REVIEW: Gotham Knights isn't perfect but it is a hell of a lot of fun
One of the biggest games of 2022 has finally arrived!
Arkham Aslyum and Arkham City are not just two of the best superhero games ever made, but two of the best games of any genre ever made. To glide into that terrain and not be compared to those is impossible, so let us get that big stuff out of the way first.
Gotham Knights is not a sequel to Arkham Knight, despite the fact that this begins with the death of Batman, which also happens to be how that previous game ended. The fighting mechanics are also built from the same system that made those Arkham games so brilliantly simple to play.
But that is pretty much where the comparisons end.
Instead, this new action RPG sees you choosing between four of Bruce Wayne's proteges - Nightwing, Batgirl, Red Hood and Robin - in an attempt to solve his murder, while also trying to maintain peace in Gotham, since all of the supervillains have rushed back in to make the most of the power vacuum left behind by Batman's absence.
You can play solo or online with another player, which will increase the difficulty of the characters you fight around the city. Each of the characters have slightly different strengths in terms of brawling, ranged weapons, stealth and so on, with all four capable of upgrades via mods, new gear and entire costume changes.
The level of customisation and pure depth of options available is truly staggering, and fans of making their avatars feel truly their own will find a dizzying amount to get lost in here.
In terms of gameplay, travelling around the absolutely HUGE and detailed Gotham is tremendous fun, be it either via the well-timed duo of grappling hooks and jumping, or by high-powered motorbike or personalised air-transport system (Batgirl can glide, Robin can teleport short distances, etc.).
You barely have to go 100 meters before you find a criminal gang up to no good, or a brand new side quest that will need completing, or some timed challenges that range from very fun (stop the bad guys before timed explosives go off) to a little bit grind'y (find all of the flying drones so you can safely fly through different sections of Gotham).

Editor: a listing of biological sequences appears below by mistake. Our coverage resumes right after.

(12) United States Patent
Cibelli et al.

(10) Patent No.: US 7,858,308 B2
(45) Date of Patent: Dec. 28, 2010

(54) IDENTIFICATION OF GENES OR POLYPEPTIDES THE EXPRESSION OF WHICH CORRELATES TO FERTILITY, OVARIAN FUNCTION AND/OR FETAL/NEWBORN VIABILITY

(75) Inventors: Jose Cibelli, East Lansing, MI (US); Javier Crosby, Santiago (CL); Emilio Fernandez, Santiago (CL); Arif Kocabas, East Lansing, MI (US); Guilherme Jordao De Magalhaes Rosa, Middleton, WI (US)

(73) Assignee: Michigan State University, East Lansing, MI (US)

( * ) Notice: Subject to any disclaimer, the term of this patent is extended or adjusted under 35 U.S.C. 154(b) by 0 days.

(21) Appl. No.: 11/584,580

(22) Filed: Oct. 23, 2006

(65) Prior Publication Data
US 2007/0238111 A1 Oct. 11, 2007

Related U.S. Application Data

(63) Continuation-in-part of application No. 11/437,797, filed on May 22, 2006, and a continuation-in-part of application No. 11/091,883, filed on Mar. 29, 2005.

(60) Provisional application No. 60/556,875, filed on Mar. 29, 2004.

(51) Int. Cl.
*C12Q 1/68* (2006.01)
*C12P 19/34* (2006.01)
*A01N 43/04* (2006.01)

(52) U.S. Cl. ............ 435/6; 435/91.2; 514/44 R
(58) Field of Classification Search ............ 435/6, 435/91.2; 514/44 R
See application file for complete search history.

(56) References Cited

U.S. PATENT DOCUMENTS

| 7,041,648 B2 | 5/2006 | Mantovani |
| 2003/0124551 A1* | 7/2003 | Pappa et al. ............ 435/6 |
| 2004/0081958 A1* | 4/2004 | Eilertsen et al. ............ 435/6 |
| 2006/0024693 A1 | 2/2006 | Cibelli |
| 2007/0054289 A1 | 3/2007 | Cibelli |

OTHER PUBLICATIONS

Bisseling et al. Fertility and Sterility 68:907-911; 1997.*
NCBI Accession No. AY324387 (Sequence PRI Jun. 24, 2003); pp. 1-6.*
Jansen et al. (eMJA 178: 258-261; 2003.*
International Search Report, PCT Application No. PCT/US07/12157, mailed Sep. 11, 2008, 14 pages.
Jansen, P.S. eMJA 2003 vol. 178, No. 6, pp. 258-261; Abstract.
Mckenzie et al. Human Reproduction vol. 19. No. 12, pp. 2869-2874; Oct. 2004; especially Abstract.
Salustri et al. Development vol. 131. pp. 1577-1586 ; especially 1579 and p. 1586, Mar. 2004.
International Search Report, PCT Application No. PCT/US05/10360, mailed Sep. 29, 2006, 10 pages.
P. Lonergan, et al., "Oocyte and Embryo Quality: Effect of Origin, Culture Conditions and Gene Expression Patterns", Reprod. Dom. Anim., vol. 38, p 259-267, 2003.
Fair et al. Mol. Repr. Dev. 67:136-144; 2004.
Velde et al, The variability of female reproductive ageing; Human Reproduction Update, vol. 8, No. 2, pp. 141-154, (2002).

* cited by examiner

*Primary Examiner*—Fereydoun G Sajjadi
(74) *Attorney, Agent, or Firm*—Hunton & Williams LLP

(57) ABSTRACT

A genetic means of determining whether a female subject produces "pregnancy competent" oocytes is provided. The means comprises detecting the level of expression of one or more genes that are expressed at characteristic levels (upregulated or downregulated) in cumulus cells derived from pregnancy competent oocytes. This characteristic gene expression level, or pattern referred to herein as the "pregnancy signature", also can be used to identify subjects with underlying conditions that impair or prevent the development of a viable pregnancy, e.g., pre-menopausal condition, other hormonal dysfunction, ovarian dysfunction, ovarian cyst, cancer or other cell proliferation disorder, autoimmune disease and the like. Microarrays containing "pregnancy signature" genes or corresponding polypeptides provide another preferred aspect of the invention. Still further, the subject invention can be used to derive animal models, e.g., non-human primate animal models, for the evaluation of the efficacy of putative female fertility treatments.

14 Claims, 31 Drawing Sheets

And that is all without the main plot, which dives deep into the Court of Owls, a relatively recent addition to the Batman lore that made an immediate impact with fans of the comics. Their involvement in Gotham and specifically with Bruce Wayne is then surrounded by some stellar B-plot arcs involving Harley Quinn, The Penguin and Mister Freeze.
Graphically, it all looks mostly great - even with the 30fps cap on console - with the only real noticeable frame rate drop appearing during co-op, when both characters were on their bikes, speedily tearing across the map. Gotham is highly detailed and expectantly grim, with the sound design and score set to match that moody tone.
And DC fans will be left salivating over the sheer wealth of nods, hints and easter eggs towards the larger universe surrounding this one story, so expect to see new finds over the next days, weeks and months to come.
Not every aspect of the game lands well, though. There are some detective quests which amount to little more than a matching game, which more often than not are deduced entirely through guesswork. A lot of the main missions find you heading out into the night, doing one tiny thing, and then being told to return back to HQ to get your next clue. And for all of the mystery behind the main plot, you'll likely figure out The Big Reveal waaaaayyyyyy before the game expects you to.
But these are all minor niggles, mostly forgotten about when you're glide-kicking Mr. Freeze to the face in an exploding lab, before hoping on your bike and burning rubber all the way to your next mission.
Gotham Knights is available on PS5, Xbox Series X and PC from Friday, 21 October.